Colorado State University is set to launch its very own cannabinoid research facility.
The lab, which is currently under construction, has been made possible thanks to a generous gift of $1.5 million from an alumna.
It will be opening in April or May, according to College of Natural Sciences Dean Janice Nerger said.
The goal of the lab, Nerger added, is to provide further scientific backing on the uses of cannabinoids and potentially find new ways the chemical could benefit those who take it.
CSU already conducts some cannabinoid research, which it is now hoping to expand by renovating space in the chemistry building.
Students will be able to develop different cannabinoid and terpene profiles with the goal of advancing cannabinoid efficacy in the medical sector. The research will focus on cannabigerol (CBG), cannabinol (CBN), cannabichromene (CBC), and tetrahydrocannabivarin (THCV).
The building will also work on the formulation of cannabinoids, testing, and the development of standard analysis practices.
Recently, the university studied how CBD could help sick or injured dogs.
Nerger said, “We have all of these pieces at CSU. What was really missing was a good analytical chemistry lab. It’s really going to take us to an incredible new level.”
The funding was gifted by Leslie Buttorff, who started Panacea Life Services, a company that creates and sells CBD products for both humans and pets.
Nerger said Buttorf had noticed the lack of scientific backing for CBD which was holding it back, and decided to invest in it.
The contribution will cover the cost of renovating the lab and operating costs, as well as purchase some of the technology needed.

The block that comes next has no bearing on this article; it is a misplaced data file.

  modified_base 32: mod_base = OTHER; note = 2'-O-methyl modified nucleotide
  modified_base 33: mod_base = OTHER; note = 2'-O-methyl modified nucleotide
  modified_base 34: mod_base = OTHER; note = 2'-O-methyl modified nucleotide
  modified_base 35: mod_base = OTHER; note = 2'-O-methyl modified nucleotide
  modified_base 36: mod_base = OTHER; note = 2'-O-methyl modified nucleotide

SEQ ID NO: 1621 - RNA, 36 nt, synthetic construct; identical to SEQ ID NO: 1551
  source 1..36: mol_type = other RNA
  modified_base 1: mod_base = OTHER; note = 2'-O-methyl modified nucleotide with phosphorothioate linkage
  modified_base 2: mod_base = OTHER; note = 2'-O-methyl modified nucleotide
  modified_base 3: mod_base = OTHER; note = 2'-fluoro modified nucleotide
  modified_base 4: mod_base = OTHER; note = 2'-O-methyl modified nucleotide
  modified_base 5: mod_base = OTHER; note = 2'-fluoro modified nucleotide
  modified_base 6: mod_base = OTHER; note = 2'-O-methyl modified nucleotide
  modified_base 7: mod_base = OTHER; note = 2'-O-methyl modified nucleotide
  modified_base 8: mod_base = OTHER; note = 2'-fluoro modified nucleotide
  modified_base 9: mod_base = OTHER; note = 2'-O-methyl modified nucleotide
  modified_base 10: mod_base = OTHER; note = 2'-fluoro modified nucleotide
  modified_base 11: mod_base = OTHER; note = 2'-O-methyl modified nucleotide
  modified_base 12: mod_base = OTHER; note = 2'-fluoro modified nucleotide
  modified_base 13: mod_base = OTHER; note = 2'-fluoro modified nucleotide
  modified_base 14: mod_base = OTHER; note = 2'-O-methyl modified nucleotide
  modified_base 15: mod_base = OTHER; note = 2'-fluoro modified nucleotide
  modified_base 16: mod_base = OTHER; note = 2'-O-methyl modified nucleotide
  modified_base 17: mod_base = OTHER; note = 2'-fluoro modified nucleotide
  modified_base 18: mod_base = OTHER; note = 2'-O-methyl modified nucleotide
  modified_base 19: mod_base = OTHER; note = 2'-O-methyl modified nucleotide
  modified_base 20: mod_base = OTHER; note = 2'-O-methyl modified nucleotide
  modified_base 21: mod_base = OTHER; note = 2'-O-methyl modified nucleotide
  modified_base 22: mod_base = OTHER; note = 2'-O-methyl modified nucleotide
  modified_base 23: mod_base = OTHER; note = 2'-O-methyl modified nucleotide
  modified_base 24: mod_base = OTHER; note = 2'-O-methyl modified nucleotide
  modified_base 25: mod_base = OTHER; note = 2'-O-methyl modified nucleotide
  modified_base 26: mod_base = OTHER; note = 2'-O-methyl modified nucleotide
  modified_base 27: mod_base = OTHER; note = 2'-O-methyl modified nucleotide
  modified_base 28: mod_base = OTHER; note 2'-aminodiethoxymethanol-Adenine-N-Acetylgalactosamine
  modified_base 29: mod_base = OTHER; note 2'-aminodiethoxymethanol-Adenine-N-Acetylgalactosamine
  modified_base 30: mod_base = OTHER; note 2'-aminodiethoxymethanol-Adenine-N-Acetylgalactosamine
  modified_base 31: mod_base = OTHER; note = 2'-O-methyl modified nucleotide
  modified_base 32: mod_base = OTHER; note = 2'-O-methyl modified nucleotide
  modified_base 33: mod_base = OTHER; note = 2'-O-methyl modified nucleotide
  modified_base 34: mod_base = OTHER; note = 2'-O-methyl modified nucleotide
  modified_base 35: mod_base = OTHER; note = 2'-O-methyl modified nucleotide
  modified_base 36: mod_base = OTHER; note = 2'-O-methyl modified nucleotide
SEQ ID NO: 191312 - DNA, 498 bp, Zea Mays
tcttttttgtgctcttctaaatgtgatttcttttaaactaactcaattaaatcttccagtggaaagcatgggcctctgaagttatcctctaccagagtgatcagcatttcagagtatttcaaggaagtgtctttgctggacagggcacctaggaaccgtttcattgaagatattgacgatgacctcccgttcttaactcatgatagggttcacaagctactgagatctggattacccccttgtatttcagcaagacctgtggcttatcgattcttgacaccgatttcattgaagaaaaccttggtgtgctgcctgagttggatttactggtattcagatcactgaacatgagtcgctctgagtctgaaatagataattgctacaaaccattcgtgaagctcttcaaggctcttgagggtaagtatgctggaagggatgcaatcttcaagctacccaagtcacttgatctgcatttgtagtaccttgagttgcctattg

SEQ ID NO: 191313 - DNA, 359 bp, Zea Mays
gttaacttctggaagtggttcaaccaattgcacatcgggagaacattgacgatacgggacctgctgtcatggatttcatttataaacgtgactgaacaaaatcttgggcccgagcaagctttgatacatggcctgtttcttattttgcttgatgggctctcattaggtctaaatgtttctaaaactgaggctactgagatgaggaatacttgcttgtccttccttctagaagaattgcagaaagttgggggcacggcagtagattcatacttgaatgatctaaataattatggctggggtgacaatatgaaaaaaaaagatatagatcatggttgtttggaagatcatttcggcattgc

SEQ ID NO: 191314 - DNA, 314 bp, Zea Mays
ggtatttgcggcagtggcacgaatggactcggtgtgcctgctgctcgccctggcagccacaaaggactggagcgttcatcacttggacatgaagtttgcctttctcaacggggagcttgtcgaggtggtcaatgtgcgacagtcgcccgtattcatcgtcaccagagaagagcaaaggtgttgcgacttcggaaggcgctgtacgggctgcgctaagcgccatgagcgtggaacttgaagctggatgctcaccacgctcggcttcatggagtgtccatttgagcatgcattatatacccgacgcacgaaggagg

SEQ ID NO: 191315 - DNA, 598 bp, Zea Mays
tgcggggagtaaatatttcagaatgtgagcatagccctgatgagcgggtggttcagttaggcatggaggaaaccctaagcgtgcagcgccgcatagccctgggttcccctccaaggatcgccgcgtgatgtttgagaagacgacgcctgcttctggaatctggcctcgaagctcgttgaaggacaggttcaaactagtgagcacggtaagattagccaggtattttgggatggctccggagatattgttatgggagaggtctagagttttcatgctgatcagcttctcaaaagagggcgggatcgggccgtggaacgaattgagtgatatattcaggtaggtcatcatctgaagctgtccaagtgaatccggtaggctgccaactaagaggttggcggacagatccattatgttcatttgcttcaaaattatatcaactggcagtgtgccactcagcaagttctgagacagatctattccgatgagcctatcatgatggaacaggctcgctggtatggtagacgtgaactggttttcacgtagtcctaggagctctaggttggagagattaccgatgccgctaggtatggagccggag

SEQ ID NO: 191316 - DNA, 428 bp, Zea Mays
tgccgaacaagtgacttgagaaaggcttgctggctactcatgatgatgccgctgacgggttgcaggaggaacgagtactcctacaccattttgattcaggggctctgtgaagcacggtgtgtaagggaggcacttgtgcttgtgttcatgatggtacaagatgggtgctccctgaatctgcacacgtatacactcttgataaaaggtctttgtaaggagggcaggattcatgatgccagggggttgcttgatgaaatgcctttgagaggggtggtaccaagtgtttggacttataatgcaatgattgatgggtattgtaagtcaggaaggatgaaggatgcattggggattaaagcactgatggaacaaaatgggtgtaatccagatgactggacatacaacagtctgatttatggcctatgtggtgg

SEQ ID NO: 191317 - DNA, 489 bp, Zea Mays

It isn’t the first time the alumna has donated to the university. She was named a College of Natural Sciences Distinguished Alumna in 2014 and established the Leslie Cavarra Buttorff Scholarship in Statistics.
The opportunity has provided full-ride scholarships to students majoring in statistics.
Her new company is the first to work with the research lab, with other corporate partnerships set to be formed in the near future to help provide internships and scholarships to students involved in the lab.
In a press release, Buttorf said: “We are very excited about this partnership with CSU. CSU offers expertise in the complete cannabinoid value chain, including botany, chemistry, biology, psychology, agricultural sciences, statistics, and veterinary research. Panacea’s focus in developing scientifically driven and medically focused products will be further advanced with our partnership with CSU.”
CBD, or cannabidiol, is one of over 100 known cannabinoids with more than a dozen apparent health benefits, including pain relief, acne treatment, and seizure reduction. It was made legal in the USA when the Farm Bill was passed in 2018.
Despite the claims, however, more research is needed to battle the potential concerns of taking CBD. The FDA is yet to announce full regulations for CBD products as it works to conduct further research.
Buttorf’s family has long been connected with CSU. Her father’s cousin, Robert Cavarra, established the pipe organ program in the School of Music, while her brother, uncle, sister, and nephew all graduated from CSU.
Professor of chemistry and associate dean for research in the College of Natural Sciences Melissa Reynolds said: “This research is absolutely exciting. Cannabinoids have already been proven effective in a number of clinical applications, and there are more than 100 other compounds that have been identified in hemp that could have an impact in other areas. Honestly, the possibilities are limitless – we can explore all types of research that were never available before. We are incredibly grateful to Leslie for this gift.”